Saturday, September 02, 2006

The Walk Back

Last week, y'all walked with me, down to the "hard road" to take a look at the neighborhood that surrounds Pure Florida. Of course, we had to walk back ...



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Taking a right turn off the driveway, we headed back through the woods to make the walk last a little longer. Along the front property line, the old red cedar fence posts of the previous farmer owner have surrendered to the termites and the wind. The grey posts hang supported by rusty strands of field fence and staples. One of you mentioned the dilapidated look of the fence, but I reminded you that there was no longer anything to keep in or out. We walked on.


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We paused to admire this flower which I called "Triangle Flower". I admitted I didn't know if that was an "official" common name for it or just something I've always called it. Later, post walk, I googled that name and got nothing, so I was left wishing I had known it's scientific name as that would have helped in the search. I remember one of you pointed out the little katydid on the stem and asked me it's name.

"Fred", I replied. We walked on.



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This sumac, ripe to the point of bursting, was showing off at the point where we should turn left to get back to the house. We stopped to look at it and various recipes for "sumac ade" were discussed. In the end, we left the berries where they were and opted for some mint ice tea (unsweetened of course) after the walk was done.

It was hot, but y'all weren't ready to quit, so we walked on.



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We followed the old gokart path, past the pistol range, peeked in the dead bee tree, and wound up in the southwest corner of Pure Florida. This is where I took some gentle ribbing about my "pine plantation" of spindly, sparse, sprickly pines. Somebody asked about the leaning pine and that stimulated tales of the summer of "04 and how it feels to have 3 tropical systems roll over you in one summer.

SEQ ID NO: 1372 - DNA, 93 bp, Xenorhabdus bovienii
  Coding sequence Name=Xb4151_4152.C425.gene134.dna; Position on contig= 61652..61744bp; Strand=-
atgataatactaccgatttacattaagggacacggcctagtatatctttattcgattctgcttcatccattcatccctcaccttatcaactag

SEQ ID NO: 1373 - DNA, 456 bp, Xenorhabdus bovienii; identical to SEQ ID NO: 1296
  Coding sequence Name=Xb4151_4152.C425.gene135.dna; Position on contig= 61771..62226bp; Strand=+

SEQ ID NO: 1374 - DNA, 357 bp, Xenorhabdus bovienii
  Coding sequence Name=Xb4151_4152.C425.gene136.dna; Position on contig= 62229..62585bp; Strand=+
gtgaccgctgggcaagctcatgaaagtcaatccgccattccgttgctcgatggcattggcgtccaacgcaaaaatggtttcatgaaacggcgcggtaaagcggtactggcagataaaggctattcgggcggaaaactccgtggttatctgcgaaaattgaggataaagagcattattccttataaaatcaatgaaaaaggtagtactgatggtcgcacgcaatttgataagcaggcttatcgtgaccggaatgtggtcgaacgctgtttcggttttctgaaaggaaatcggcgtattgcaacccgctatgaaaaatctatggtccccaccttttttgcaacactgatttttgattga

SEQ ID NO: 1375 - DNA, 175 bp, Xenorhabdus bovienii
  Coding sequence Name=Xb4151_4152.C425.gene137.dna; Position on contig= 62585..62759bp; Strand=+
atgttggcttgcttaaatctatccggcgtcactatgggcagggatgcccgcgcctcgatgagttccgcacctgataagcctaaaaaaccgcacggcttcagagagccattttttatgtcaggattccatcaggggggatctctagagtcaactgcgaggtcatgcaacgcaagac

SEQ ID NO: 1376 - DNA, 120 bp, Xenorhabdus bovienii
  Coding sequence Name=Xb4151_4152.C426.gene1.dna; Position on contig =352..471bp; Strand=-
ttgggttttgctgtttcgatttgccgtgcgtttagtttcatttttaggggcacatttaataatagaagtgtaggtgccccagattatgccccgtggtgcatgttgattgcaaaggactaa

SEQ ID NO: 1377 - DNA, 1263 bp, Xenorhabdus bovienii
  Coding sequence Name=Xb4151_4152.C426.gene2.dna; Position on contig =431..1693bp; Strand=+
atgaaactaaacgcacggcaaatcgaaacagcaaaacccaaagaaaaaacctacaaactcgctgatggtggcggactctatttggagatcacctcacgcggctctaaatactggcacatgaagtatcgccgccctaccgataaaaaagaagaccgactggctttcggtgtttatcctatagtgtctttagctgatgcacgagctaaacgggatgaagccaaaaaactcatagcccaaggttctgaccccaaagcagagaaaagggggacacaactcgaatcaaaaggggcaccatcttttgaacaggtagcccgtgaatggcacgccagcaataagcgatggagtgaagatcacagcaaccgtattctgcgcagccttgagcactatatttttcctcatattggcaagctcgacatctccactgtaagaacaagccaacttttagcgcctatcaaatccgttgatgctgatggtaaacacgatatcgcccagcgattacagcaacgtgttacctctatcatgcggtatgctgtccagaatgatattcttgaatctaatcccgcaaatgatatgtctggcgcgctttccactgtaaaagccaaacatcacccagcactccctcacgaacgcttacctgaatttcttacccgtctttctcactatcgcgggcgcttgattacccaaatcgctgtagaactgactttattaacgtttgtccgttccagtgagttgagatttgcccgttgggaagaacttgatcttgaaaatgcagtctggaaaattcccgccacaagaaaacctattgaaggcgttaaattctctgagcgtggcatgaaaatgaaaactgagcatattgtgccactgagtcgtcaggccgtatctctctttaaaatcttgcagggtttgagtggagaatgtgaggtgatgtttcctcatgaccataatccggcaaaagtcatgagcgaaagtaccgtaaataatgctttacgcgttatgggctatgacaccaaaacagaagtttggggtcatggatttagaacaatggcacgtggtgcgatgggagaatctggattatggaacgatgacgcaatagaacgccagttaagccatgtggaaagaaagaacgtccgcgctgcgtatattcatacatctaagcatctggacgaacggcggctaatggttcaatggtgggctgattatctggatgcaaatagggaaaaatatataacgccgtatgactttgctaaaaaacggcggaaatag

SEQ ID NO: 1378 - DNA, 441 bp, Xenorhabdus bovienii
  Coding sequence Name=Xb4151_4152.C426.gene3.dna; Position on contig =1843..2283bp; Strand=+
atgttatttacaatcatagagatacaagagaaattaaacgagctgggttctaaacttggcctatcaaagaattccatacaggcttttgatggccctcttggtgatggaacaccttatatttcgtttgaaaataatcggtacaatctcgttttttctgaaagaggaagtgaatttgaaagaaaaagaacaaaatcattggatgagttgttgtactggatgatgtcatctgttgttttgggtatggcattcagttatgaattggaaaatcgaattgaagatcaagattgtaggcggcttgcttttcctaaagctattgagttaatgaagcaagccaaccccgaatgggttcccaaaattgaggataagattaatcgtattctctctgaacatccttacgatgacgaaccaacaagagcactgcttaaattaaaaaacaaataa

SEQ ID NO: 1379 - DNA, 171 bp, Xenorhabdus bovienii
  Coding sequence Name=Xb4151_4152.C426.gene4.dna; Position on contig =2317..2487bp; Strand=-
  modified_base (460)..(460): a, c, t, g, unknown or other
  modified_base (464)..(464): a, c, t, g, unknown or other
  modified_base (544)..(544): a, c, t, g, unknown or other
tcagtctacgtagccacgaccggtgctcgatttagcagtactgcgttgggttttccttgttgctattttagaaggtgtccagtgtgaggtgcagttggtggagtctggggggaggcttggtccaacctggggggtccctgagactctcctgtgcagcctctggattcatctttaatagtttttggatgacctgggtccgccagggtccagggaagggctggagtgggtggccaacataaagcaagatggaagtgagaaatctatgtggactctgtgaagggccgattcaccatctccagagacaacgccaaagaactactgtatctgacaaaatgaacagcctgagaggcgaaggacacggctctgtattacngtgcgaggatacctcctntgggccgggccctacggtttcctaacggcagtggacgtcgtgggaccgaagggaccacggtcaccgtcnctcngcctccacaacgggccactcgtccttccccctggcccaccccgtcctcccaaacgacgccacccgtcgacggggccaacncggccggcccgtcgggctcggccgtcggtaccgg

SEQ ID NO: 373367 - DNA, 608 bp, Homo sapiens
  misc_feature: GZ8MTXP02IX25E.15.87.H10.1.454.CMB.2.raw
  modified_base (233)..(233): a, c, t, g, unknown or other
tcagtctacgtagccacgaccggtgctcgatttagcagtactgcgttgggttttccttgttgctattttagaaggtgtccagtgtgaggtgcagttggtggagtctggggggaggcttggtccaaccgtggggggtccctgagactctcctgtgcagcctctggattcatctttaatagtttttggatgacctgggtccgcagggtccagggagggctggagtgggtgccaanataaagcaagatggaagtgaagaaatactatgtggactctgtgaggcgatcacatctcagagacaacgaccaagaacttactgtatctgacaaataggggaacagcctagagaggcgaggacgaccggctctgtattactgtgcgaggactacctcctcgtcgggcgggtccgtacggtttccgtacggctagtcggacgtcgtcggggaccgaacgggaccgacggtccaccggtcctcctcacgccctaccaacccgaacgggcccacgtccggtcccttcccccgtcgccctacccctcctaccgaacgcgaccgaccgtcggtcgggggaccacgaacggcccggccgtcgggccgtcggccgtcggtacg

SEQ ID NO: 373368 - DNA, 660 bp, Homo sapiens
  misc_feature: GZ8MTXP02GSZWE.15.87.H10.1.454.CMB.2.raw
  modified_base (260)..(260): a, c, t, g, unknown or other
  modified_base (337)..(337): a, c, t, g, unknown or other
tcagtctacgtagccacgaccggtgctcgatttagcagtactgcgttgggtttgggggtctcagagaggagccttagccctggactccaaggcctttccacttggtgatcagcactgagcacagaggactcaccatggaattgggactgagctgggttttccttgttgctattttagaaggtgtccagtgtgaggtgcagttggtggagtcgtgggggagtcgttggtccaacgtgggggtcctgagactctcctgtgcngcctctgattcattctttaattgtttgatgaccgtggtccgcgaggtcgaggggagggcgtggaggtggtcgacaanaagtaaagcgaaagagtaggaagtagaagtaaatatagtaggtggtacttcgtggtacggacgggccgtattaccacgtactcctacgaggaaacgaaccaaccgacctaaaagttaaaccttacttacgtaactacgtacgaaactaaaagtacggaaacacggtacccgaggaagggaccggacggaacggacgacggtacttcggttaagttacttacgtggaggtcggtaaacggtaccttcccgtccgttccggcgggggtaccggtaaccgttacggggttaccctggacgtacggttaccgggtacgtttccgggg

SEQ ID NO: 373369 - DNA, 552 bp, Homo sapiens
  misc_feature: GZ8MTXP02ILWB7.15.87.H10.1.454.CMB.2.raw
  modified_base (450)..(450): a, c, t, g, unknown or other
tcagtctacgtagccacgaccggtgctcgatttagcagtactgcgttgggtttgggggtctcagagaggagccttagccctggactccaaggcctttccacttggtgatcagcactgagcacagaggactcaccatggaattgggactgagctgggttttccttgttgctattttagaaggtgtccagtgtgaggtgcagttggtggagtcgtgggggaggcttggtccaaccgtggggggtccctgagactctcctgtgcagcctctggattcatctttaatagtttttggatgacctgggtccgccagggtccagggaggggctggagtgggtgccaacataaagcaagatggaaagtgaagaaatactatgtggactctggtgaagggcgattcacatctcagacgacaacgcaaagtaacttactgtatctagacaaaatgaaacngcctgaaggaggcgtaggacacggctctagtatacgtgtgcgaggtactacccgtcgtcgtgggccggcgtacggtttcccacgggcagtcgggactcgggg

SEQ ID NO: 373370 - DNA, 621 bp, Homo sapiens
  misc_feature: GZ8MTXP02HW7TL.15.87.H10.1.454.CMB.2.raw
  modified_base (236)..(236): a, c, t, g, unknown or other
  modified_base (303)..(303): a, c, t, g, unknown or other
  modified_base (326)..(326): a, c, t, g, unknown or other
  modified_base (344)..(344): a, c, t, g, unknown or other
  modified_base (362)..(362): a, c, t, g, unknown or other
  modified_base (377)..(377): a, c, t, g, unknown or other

Everyone got quiet when I pointed out the crooked faded green wooden cross with the dog collar hanging on it. "Ranger", I whispered.

We walked on.

Anticipating ice tea and the porch ceiling fan.

22 comments:

Laura said...

That is definitely what North Central Florida looks like. Wooded and Wooly, I always call it. You forgot to get tick pictures... j/k.

The flower picture, is that stinging nettle? That was my first impression...could be wrong.

I wish fall would hurry up and get here. You'll see the leaves changing color before we do... lucky!

Floridacracker said...

Laura,
No,it's not nettle. I really think it is called "triangle flower", I just didn't have my "Florida Wildflowers and Roadside Plants" book handy. I think I left it at school...
I don't know where the ticks are this year. I haven't seen one since last winter. The dogs agree with that statement.

roger said...

nice walk ya got there. did i miss the pond?

robin andrea said...

Nice walk around the place, FC. You are a perfect tour guide!

Abandoned in Pasadena said...

I've enjoyed the walk and the pictures, but I went over to your story of Ranger and now I am bawling like a baby. What a wonderful tribute to Ranger...he was a beautiful dog and a wonderful family pet.

Floridacracker said...

roger,
we went right remember? the pond is to the left.

Robin,
Thanks. I enjoyed it too.

Abandoned,
Now you've done it. I'm blurry...